During the COVID-19 pandemic, public employees across the nation have given back to their communities in extraordinary ways. From donating to food banks to helping their neighbors and protecting their communities, public employees have been on the front lines.
Here are stories of public employees in service to their communities.
Unsung heroes: Behind the scenes, school staff brace for the COVID-19 semester by Evelynn Coffie. For the last few weeks, we have been reporting on the incredible work educators have been doing around the country to help their communities during the coronavirus pandemic. Anyone that has gone to school knows that, behind the educators and students, are staff members that are dedicated to their jobs. Reporting for the Gambit and NOLA.com, Coffie tells the stories of several of these workers in schools around Louisiana. One of these unsung heroes is Andrea Boland, the cafeteria manager at Benjamin Franklin High School in New Orleans. On returning to school, Boland commented, “I didn’t hesitate to want to go and serve them (students) during this ordeal. I did what I had to do. I threw my mask on and my gloves on.”
Responding to the pandemic: Glenwood’s first responders continue to protect and serve despite budget cuts by Matthew Bennett. Due to the coronavirus pandemic, many cities and towns are facing budget cuts because of lost tax revenue. Glenwood, Colorado is no exception to this. Despite their strained budget, Glenwood’s first responders still have to be on the job to protect their community. Although the fire department is having to furlough firefighters, others have stepped in to fill the gaps. Glenwood Springs Fire Chief Gary Tillotson commented, “They’re keeping their chin up, doing their jobs and they’re just really dedicated people. They obviously got into this profession because they wanted to help people and they continue to want to help.”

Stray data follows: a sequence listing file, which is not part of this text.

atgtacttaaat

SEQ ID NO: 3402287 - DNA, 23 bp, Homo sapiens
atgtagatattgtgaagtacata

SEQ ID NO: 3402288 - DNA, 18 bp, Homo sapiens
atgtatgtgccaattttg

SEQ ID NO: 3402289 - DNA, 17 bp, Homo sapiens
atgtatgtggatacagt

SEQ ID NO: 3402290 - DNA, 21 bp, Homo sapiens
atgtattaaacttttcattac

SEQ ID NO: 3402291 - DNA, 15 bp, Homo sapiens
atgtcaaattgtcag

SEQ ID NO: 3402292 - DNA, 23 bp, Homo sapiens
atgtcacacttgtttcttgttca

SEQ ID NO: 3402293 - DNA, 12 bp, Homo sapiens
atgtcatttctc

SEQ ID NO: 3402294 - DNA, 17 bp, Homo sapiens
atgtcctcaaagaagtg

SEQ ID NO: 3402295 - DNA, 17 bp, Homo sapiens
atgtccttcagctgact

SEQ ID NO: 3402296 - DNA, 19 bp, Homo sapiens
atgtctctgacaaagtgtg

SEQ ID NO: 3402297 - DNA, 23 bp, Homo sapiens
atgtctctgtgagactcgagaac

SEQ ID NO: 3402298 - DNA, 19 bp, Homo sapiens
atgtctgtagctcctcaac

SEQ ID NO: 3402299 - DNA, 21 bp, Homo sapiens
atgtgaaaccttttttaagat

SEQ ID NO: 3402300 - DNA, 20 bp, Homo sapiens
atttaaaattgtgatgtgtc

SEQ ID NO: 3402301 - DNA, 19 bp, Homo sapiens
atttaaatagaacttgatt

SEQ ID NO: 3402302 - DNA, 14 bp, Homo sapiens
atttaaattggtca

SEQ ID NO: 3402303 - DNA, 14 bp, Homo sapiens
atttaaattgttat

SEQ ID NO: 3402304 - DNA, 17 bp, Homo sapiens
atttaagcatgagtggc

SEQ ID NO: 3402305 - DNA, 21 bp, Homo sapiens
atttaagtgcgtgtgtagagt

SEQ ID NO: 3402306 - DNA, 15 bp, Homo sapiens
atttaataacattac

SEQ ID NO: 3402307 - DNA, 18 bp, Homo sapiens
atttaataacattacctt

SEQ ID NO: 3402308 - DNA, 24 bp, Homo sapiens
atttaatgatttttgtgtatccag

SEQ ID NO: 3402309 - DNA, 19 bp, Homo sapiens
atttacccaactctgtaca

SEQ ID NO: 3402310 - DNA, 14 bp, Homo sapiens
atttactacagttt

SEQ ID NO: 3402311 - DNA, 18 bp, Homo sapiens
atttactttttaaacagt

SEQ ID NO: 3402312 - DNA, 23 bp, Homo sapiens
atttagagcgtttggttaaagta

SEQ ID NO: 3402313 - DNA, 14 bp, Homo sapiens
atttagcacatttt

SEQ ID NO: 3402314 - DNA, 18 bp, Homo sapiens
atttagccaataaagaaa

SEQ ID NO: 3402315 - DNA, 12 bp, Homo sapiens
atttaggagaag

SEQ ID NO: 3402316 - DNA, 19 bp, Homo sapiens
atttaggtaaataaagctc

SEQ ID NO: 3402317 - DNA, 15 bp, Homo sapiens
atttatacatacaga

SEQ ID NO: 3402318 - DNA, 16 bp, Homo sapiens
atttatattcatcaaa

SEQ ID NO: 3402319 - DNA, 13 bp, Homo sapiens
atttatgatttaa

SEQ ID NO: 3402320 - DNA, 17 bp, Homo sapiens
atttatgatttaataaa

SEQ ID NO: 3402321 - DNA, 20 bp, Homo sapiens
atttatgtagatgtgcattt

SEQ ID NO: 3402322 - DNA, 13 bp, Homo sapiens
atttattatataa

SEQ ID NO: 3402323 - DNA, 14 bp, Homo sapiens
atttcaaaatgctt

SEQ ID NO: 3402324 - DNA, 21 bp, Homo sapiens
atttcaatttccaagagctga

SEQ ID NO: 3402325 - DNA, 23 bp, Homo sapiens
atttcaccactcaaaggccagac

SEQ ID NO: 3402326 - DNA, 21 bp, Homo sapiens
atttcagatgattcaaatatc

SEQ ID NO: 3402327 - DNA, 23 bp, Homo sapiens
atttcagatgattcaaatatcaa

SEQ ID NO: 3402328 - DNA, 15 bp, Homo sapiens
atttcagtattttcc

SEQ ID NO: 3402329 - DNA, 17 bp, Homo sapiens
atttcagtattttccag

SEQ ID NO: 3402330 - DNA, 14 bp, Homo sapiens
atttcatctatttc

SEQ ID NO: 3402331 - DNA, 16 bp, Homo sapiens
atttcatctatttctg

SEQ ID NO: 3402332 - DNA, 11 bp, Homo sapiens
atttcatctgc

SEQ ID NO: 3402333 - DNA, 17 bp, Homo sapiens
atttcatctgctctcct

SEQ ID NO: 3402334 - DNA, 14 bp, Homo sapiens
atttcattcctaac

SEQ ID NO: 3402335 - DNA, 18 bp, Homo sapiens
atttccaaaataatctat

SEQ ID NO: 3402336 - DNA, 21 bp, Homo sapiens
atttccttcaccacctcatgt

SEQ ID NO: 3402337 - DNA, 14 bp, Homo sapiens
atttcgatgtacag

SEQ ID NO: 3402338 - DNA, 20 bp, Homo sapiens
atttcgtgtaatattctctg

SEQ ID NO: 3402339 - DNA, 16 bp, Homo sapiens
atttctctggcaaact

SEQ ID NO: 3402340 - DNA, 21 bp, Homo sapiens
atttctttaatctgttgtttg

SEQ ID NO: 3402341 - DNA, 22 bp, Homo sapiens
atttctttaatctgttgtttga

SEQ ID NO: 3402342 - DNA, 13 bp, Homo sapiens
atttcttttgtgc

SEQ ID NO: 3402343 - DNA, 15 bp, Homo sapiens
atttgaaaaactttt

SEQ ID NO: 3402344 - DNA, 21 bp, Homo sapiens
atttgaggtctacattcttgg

Public health detectives: Quad-City ‘contact tracers’ are on the front lines via phone lines by Barb Ickes. Health departments across the country have risen to the occasion to trace cases of the coronavirus and stop community spread. These contact tracers are often the first contact a coronavirus patient will speak to. If a person tests positive for the virus, contact tracers reach out to them, alert them to their positive test results, and begin tracing their steps to determine who they’ve been in contact with. After their initial contact with the individual who tested positive, contact tracers will reach out to individuals who may have come in contact with them to let them know of possible exposure. Due to the need for more contact tracers, retired nurses have jumped into the action to volunteer. Debbie Freiburg, a retired nurse, is a volunteer contact tracer for the Rock Island County Health Department in Iowa. She said, “A couple people have been a little skeptical of what we’re going to do with the information, and I tell them we need to track this disease.”
Be sure to check back next week for more stories of public employees giving back to their communities!